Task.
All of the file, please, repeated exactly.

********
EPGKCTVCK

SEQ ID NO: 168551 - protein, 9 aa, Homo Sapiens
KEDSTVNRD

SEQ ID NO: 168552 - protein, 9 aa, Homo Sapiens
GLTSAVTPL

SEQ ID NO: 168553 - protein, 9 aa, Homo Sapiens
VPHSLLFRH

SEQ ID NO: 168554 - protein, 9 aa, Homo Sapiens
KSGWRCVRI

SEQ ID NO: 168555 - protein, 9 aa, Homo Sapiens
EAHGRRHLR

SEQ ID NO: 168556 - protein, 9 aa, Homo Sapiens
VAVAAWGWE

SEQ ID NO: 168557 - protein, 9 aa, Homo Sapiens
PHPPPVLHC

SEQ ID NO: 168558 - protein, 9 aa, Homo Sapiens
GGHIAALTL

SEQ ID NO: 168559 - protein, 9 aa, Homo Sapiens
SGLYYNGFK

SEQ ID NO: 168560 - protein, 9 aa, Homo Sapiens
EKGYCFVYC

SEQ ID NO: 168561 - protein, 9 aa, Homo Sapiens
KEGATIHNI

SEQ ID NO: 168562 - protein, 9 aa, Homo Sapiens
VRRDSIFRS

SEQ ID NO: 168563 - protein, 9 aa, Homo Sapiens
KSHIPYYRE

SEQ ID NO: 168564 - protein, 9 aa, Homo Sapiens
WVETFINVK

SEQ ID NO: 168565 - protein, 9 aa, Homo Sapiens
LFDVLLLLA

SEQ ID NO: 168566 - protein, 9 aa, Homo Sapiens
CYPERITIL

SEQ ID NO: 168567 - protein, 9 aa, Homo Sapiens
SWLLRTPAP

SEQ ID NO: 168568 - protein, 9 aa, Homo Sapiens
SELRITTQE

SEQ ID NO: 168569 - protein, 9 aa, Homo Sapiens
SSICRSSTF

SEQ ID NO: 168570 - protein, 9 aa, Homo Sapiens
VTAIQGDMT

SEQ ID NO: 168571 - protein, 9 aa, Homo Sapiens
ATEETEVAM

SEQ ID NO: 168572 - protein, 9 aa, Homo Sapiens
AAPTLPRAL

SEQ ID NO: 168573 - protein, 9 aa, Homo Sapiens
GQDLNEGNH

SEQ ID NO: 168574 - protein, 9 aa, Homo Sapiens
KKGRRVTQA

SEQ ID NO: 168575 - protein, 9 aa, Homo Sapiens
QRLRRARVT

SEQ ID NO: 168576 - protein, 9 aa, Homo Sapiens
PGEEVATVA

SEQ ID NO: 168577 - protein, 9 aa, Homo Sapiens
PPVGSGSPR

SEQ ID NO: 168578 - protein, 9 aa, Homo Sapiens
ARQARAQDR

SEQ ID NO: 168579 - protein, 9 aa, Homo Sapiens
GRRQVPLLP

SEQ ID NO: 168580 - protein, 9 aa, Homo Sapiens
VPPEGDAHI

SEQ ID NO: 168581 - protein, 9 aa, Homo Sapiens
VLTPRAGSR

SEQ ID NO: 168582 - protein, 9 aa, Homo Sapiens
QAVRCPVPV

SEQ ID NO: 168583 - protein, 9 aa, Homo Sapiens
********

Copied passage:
EPGKCTVCK

SEQ ID NO: 168551 - protein, 9 aa, Homo Sapiens
KEDSTVNRD

SEQ ID NO: 168552 - protein, 9 aa, Homo Sapiens
GLTSAVTPL

SEQ ID NO: 168553 - protein, 9 aa, Homo Sapiens
VPHSLLFRH

SEQ ID NO: 168554 - protein, 9 aa, Homo Sapiens
KSGWRCVRI

SEQ ID NO: 168555 - protein, 9 aa, Homo Sapiens
EAHGRRHLR

SEQ ID NO: 168556 - protein, 9 aa, Homo Sapiens
VAVAAWGWE

SEQ ID NO: 168557 - protein, 9 aa, Homo Sapiens
PHPPPVLHC

SEQ ID NO: 168558 - protein, 9 aa, Homo Sapiens
GGHIAALTL

SEQ ID NO: 168559 - protein, 9 aa, Homo Sapiens
SGLYYNGFK

SEQ ID NO: 168560 - protein, 9 aa, Homo Sapiens
EKGYCFVYC

SEQ ID NO: 168561 - protein, 9 aa, Homo Sapiens
KEGATIHNI

SEQ ID NO: 168562 - protein, 9 aa, Homo Sapiens
VRRDSIFRS

SEQ ID NO: 168563 - protein, 9 aa, Homo Sapiens
KSHIPYYRE

SEQ ID NO: 168564 - protein, 9 aa, Homo Sapiens
WVETFINVK

SEQ ID NO: 168565 - protein, 9 aa, Homo Sapiens
LFDVLLLLA

SEQ ID NO: 168566 - protein, 9 aa, Homo Sapiens
CYPERITIL

SEQ ID NO: 168567 - protein, 9 aa, Homo Sapiens
SWLLRTPAP

SEQ ID NO: 168568 - protein, 9 aa, Homo Sapiens
SELRITTQE

SEQ ID NO: 168569 - protein, 9 aa, Homo Sapiens
SSICRSSTF

SEQ ID NO: 168570 - protein, 9 aa, Homo Sapiens
VTAIQGDMT

SEQ ID NO: 168571 - protein, 9 aa, Homo Sapiens
ATEETEVAM

SEQ ID NO: 168572 - protein, 9 aa, Homo Sapiens
AAPTLPRAL

SEQ ID NO: 168573 - protein, 9 aa, Homo Sapiens
GQDLNEGNH

SEQ ID NO: 168574 - protein, 9 aa, Homo Sapiens
KKGRRVTQA

SEQ ID NO: 168575 - protein, 9 aa, Homo Sapiens
QRLRRARVT

SEQ ID NO: 168576 - protein, 9 aa, Homo Sapiens
PGEEVATVA

SEQ ID NO: 168577 - protein, 9 aa, Homo Sapiens
PPVGSGSPR

SEQ ID NO: 168578 - protein, 9 aa, Homo Sapiens
ARQARAQDR

SEQ ID NO: 168579 - protein, 9 aa, Homo Sapiens
GRRQVPLLP

SEQ ID NO: 168580 - protein, 9 aa, Homo Sapiens
VPPEGDAHI

SEQ ID NO: 168581 - protein, 9 aa, Homo Sapiens
VLTPRAGSR

SEQ ID NO: 168582 - protein, 9 aa, Homo Sapiens
QAVRCPVPV

SEQ ID NO: 168583 - protein, 9 aa, Homo Sapiens